Air Pollution Linked To Early Death In Heart Failure Patients: Study

    Air Pollution
    Inam Ansari
    May29/ 2023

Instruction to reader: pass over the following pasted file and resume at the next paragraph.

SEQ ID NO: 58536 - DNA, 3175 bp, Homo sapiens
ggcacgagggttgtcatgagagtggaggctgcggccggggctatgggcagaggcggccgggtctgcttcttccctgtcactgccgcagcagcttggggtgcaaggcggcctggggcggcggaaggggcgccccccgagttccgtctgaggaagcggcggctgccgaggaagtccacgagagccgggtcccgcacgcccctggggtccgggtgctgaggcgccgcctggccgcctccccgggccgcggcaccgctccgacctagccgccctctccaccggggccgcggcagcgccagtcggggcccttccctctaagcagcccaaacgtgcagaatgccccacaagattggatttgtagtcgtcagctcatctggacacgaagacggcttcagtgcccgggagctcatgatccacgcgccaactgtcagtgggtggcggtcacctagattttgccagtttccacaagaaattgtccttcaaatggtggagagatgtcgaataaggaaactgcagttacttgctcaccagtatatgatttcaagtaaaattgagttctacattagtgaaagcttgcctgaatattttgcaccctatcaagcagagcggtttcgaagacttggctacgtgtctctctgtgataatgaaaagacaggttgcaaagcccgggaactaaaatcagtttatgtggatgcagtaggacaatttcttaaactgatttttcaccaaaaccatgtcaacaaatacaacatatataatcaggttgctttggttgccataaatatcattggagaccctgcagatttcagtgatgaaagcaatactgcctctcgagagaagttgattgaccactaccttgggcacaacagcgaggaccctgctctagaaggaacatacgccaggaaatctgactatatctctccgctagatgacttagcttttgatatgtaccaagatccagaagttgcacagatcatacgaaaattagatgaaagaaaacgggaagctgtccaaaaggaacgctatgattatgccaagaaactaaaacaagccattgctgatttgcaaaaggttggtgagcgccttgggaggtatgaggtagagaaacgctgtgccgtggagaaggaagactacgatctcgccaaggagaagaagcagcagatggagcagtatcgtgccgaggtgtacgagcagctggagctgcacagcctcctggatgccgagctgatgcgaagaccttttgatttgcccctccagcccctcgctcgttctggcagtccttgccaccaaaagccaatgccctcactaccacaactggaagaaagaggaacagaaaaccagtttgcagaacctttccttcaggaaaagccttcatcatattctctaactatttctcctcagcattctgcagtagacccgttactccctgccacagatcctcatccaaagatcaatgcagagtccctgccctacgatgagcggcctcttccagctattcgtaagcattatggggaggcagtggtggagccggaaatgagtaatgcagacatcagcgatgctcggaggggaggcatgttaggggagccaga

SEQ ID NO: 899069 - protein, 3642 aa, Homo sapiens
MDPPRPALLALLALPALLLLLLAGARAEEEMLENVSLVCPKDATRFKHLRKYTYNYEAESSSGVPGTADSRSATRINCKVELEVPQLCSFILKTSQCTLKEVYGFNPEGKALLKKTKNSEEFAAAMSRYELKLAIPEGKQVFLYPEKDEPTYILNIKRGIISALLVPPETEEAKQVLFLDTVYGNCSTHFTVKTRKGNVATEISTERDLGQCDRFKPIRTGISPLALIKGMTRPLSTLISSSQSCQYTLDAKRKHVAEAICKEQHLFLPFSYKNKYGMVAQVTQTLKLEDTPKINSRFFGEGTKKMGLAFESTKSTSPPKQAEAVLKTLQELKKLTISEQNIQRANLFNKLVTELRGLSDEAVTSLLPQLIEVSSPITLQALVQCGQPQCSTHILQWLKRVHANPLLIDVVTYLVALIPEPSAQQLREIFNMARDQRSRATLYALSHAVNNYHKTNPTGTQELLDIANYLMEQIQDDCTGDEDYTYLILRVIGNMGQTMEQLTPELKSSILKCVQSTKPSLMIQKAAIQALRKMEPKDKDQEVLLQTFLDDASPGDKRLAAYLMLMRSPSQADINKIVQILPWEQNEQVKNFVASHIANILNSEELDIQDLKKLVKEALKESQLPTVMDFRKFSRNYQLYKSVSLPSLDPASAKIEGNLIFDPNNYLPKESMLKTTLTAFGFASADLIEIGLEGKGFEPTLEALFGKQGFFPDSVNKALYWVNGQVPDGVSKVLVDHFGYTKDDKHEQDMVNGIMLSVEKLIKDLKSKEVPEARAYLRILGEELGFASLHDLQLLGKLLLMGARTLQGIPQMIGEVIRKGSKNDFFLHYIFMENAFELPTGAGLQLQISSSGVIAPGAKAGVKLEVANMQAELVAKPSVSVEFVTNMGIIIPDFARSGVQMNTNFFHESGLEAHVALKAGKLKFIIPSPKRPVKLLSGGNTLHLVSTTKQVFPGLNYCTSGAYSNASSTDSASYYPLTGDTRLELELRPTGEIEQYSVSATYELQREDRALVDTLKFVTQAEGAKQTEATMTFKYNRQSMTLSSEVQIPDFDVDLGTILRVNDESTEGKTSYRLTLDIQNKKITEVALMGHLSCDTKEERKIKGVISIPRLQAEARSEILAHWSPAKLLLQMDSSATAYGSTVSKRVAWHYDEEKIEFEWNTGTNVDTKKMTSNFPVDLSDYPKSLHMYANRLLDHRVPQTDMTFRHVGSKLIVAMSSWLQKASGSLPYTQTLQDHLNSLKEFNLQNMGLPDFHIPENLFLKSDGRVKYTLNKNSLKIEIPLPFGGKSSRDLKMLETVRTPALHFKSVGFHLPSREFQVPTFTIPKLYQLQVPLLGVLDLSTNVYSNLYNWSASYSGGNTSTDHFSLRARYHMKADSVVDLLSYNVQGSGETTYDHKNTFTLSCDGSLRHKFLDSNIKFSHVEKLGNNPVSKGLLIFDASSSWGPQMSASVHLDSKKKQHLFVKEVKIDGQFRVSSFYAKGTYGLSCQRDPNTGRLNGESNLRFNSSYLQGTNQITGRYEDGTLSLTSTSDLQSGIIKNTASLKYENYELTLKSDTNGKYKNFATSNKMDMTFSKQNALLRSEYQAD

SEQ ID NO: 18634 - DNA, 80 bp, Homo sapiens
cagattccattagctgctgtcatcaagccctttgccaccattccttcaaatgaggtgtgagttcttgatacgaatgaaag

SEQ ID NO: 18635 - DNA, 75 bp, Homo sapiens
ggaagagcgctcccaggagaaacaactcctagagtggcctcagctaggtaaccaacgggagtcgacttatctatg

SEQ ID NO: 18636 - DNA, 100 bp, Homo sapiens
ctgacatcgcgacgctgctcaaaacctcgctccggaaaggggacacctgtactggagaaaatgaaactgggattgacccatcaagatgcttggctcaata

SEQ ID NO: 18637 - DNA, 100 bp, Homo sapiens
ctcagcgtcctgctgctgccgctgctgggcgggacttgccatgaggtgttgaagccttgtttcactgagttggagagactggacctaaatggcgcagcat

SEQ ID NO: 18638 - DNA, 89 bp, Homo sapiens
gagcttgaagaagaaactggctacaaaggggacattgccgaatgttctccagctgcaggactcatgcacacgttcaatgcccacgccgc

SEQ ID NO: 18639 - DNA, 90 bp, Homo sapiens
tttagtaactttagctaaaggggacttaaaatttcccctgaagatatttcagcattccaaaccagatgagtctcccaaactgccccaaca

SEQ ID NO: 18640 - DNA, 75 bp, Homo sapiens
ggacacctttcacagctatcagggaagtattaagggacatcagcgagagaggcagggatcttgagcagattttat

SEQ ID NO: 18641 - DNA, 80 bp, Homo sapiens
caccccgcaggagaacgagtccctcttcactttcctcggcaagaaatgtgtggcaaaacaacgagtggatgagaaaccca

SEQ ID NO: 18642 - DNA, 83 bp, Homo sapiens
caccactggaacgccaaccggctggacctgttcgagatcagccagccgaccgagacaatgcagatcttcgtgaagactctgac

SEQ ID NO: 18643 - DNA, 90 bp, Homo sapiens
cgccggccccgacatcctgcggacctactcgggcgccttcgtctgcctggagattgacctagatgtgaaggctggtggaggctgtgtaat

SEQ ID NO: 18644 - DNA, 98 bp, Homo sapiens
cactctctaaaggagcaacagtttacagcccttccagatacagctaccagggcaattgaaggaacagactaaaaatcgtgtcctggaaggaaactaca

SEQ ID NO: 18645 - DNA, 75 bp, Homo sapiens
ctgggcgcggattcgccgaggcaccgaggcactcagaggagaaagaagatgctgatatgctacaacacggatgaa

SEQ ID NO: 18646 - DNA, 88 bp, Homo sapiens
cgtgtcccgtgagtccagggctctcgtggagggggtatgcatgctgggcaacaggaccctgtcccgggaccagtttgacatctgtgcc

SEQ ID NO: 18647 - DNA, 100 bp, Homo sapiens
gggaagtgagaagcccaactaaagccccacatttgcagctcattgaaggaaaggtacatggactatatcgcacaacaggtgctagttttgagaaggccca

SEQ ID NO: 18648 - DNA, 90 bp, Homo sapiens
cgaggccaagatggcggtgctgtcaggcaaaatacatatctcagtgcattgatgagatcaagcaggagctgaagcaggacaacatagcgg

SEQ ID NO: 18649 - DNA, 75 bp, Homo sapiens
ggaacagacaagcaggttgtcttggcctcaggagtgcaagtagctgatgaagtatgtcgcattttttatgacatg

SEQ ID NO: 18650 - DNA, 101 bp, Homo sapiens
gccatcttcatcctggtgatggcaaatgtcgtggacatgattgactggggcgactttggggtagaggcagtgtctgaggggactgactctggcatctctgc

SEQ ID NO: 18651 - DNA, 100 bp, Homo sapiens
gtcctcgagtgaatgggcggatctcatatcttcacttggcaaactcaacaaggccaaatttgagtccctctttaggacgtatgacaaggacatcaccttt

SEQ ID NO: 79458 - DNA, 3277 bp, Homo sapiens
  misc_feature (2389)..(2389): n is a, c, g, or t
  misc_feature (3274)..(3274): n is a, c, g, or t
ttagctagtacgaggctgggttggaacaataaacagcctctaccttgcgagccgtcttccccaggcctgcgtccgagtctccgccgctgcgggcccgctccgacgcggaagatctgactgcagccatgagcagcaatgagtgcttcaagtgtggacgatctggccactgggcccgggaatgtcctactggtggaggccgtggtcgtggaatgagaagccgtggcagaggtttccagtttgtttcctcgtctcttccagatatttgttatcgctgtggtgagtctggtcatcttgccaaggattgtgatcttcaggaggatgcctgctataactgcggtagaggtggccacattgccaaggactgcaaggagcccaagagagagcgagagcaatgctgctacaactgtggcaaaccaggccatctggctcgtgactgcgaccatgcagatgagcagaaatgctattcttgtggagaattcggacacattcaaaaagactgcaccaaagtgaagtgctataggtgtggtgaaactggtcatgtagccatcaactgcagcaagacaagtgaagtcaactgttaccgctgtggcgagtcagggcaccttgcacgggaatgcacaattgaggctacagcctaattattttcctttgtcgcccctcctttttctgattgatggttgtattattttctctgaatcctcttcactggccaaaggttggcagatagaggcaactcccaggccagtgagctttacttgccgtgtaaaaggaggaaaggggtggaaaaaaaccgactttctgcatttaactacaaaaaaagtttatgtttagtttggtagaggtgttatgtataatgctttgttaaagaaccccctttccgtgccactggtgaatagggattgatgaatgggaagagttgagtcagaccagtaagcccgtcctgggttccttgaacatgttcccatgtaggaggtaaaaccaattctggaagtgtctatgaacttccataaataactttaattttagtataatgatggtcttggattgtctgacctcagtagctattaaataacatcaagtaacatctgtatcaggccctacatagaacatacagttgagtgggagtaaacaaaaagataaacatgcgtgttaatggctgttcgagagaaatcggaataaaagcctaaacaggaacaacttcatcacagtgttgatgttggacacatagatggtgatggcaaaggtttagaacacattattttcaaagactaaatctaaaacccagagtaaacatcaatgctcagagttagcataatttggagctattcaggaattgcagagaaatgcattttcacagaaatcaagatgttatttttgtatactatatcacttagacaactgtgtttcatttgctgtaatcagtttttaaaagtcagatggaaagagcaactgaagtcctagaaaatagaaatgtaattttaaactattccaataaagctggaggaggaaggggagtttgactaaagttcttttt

Prague: According to a study, heart failure patients are more likely to pass away from their condition on polluted days and for up to two days afterwards. The research was presented at Heart Failure 2023, the European Society of Cardiology's (ESC) scientific conference. "The findings indicate that reducing air pollution has the potential to prevent worsening heart failure," said study author Dr Lukasz Kuzma of the Medical University of Bialystok, Poland. "Protecting vulnerable groups, especially during winter, should become an integral part of clinical care. That means health professionals working with patients to monitor air quality and choose optimal times for outdoor activity." According to the World Health Organisation (WHO), air pollution is the single most serious environmental threat to human health. This includes particulate matter (PM)2.5 and PM10, which are mostly caused by vehicle exhaust emissions and industrial smells. In 2019, it is predicted that ambient air pollution will cause 4.2 million premature deaths worldwide. Heart failure affects more than 64 million people worldwide.4 The authors of the current study previously found that rises in particulate matter were associated with increased hospitalisations for heart failure.5 This study examined the relationship between smog exposure and short-term mortality from heart failure. Mortality data from the five main cities in Eastern Poland from 2016 to 2020 were obtained from the Central Statistical Office. Concentrations of PM2.5 and PM10 were retrieved from the Inspectorate for Environmental Protection. Home postcodes were used to connect individual pollution exposure with mortality. The researchers used a time-stratified case-crossover study design in which participants ...

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